Proof

For proof of the given example, we will find the magnitude of** u:**

**u** = (3/√58 , /√58)

|u| = √((3/√58)^2 + (7/√58)^2)

|u| = √1

**|u| = 1**

This is proof that the given vector** u** is a unit vector of** v. **

*Example 3*

For the vector **v** = (-2, 3), find its unit vector.

Solution

The formula for finding the unit vector is stated as:

**u** = **v** / |v|

So, by inserting the magnitude of the vector **v**:

**u** = (-2, 3) / √((-2)^2 + (3)^2)

**u** = (-2, 3) / √13

**u = (-2/√13 , 3/√13)**

Where** u** is the unit vector.

Proof

For proof of the given example, we will find the magnitude of** u:**

**u** = (-2/√13 , 3/√13)

|u| = √((-2/√13)^2 + (3/√13)^2)

|u| = √0.99

**|u| = 1**

This is proof that the given vector** u** is a unit vector of** v. **

**Finding Unit Vectors In Three-Dimensions**

In the three-dimensional plane, the vector **v **will be represented by three perpendicular axes, namely the x, y, and the z-axis. In mathematical notations, the unit vector along the x-axis is represented by i^. The unit vector along the y-axis is represented by j^, and the unit vector along the z-axis is represented by k^.

The vector v can hence be written as:

**v** = xi^ + yj^ + zk^

For writing these unit vectors in planar forms, we can make use of parentheses such as below:

**v **= (x,y,z)

Hence, we can rewrite the formula for finding the unit vector in two ways:

**u** = **v** / |v|

**u** = **v** / √((x)^2 + (y)^2 +(z)^2)

Or we can also write it as:

**u **= (x,y,z) / √((x)^2 + (y)^2 + (z)^2)

*Example 4*

For the vector v = (12, 3, -4), find its unit vector.

Solution

We are familiar with the formula for finding the unit vector:

**u** = **v** / |v|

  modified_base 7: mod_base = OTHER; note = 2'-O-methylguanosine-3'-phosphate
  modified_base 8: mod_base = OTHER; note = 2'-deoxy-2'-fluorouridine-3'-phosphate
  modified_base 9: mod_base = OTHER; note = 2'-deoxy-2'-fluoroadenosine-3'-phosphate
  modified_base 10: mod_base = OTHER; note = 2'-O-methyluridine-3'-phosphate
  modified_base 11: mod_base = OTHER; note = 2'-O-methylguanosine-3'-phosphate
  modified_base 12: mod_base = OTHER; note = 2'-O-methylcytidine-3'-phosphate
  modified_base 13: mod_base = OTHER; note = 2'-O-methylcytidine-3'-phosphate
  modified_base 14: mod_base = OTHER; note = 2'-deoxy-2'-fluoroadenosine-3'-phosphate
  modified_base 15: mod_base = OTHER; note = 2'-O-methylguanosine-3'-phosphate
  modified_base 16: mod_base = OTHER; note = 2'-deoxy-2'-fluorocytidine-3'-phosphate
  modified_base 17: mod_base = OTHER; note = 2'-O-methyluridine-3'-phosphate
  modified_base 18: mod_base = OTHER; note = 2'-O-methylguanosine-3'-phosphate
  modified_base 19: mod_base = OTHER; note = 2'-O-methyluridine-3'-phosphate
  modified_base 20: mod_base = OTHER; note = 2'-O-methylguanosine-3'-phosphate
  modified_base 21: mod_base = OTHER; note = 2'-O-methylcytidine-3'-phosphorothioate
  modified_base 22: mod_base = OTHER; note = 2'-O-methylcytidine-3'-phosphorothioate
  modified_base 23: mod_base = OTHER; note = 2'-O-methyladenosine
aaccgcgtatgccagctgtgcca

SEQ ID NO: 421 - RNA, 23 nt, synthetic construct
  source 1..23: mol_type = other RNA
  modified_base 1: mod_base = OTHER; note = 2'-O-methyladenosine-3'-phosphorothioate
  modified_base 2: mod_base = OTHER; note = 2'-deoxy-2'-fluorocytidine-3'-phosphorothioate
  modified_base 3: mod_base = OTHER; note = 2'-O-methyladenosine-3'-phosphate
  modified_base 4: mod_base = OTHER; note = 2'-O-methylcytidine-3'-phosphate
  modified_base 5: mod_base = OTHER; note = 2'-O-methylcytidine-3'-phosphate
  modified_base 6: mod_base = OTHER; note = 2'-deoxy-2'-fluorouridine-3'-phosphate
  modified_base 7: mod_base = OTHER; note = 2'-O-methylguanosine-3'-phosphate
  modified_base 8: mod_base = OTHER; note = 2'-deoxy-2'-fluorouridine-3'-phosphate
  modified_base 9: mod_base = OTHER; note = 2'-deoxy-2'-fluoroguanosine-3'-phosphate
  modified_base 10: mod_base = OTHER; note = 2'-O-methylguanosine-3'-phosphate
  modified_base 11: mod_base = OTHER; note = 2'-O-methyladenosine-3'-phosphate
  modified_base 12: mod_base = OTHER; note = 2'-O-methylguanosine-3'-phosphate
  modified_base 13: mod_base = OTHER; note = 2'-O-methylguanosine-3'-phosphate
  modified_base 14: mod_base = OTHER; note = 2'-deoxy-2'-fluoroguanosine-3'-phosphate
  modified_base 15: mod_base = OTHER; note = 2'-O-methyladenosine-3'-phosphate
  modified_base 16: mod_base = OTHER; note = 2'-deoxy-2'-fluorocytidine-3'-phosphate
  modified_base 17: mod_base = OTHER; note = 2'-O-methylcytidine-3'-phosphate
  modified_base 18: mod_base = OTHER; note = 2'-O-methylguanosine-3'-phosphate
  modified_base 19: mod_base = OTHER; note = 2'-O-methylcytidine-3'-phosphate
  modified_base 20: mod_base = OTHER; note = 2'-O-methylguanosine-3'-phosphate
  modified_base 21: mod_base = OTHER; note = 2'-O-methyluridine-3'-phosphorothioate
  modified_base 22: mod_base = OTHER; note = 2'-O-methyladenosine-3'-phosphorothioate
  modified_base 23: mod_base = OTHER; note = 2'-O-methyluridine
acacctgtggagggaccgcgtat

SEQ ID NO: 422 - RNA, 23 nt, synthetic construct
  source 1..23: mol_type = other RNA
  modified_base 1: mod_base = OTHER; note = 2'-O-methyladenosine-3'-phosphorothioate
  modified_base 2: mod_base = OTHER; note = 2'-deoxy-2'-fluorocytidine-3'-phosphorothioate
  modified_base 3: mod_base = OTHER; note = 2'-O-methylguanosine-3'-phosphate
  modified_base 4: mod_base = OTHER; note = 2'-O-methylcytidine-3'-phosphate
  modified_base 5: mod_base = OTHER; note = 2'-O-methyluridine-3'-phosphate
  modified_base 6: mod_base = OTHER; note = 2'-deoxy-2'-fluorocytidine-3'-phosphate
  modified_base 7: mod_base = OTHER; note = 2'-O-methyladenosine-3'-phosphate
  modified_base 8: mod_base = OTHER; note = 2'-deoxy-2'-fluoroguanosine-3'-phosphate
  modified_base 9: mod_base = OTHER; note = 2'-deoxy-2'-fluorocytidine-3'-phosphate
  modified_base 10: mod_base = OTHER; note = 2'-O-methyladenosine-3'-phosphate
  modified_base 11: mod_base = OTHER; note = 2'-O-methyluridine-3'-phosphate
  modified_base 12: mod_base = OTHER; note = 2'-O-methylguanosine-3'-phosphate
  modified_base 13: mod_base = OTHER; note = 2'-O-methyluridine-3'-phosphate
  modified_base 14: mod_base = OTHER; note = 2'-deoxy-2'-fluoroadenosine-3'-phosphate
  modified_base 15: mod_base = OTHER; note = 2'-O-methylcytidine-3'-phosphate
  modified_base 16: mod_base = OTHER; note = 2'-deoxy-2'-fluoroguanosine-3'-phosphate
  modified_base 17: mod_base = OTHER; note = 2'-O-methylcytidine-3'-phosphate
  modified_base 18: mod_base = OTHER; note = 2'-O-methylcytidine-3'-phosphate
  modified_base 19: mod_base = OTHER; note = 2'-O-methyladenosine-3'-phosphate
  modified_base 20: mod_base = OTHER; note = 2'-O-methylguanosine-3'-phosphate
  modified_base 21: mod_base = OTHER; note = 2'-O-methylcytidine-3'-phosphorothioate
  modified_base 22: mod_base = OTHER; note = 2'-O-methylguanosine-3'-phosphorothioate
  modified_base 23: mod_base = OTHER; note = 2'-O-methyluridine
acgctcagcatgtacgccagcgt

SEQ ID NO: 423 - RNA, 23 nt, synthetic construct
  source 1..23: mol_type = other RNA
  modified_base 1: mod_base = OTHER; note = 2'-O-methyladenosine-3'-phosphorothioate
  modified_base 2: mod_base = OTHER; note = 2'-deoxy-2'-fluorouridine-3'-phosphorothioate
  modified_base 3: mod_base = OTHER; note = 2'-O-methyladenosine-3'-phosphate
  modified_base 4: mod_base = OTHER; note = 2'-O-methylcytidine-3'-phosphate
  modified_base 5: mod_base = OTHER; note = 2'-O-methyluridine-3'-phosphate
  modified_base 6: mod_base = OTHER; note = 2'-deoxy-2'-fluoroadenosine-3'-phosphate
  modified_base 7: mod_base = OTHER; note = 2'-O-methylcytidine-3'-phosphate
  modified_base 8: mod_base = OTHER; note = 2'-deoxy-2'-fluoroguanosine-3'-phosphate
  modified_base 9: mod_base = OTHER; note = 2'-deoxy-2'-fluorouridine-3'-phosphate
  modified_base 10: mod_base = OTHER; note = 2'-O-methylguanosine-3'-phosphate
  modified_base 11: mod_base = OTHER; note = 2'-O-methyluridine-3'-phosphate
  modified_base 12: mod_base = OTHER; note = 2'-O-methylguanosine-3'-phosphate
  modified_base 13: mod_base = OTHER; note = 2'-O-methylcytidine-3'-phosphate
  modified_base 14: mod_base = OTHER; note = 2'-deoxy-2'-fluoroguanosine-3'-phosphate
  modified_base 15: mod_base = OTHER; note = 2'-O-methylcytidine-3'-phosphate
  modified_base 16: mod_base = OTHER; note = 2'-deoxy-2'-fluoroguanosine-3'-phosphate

So, by inserting the necessary parameters:

**u** = (12, 3, -4) / √((12)^2 + (3)^2 + (-4)^2)

**u** = (12, 3, -4) / √169

**u** = (12, 3, -4) / 13

**u = (12/13 , 3/13 , -4/13)**

So **u** is the required unit vector.

Proof

For proof, let’s find the magnitude of **u:**

**u** = (12/13 , 3/13 , -4/13)

|u| = √((12/13)^2 + (3/13)^2 + (-4/13)^2)

|u| = √(0.846 + 0.054 + 0.094)

|u| = √0.994

**|u| = 1**

Hence, it is proved that the vector** u** is the unit vector of **v.**

*Example 5*

Find the unit vector of the vector v = (2, 4, 1).

Solution

The formula for finding the unit vector is stated as:

**u** = **v** / |v|

So, by inserting the necessary parameters:

**u** = (2, 4, 1) / √((2)^2 + (4)^2 + (1)^2)

**u** = (2, 4, 1) / √21

**u = (2/√21 , 4/√21, 1/√21)**

So **u** is the required unit vector.

Proof

For proof, let’s find the magnitude of **u:**

**u = **(2/√21 , 4/√21, 1/√21)

|u| = √((2/√21)^2 + (4/√21)^2 + (1/√21)^2)

|u| = √0.99

|u| = 1

Hence, it is proved that the vector** u** is the unit vector of **v.**

**Properties Of A Unit Vector**

The contents of this topic can be summarized in the properties of a unit vector in the following manner:

- A unit vector has a magnitude of 1.
- Unit vectors are only used to specify the direction of a vector.
- Unit vectors exist in both two and three-dimensional planes.
- Every vector has a unit vector in the form of its components.
- The unit vectors of a vector are directed along the axes.
- The unit vectors of a vector are perpendicular to the corresponding unit vectors of the same vector.

**Practice Problems**

**Practice Problems**

- For a given vector v, check if its unit vector exists:
**v**= (1, 3)**v**= (2, -1, 4) - Find the unit vector of the following vector:
**v**= (-2, -4, -4) - Find and show by proof the unit vector of the following vector:
**v**= (2, -5) - Find and show by proof the unit vector of the following vector:
**v**= (1, -1) - Find and show by proof the unit vector of the following vector:
**v**= (0, -4)

**Answers**

**Answers**

- Yes, Yes
- (-2/6, -4/6, -4/6)
- No
- Yes
- Yes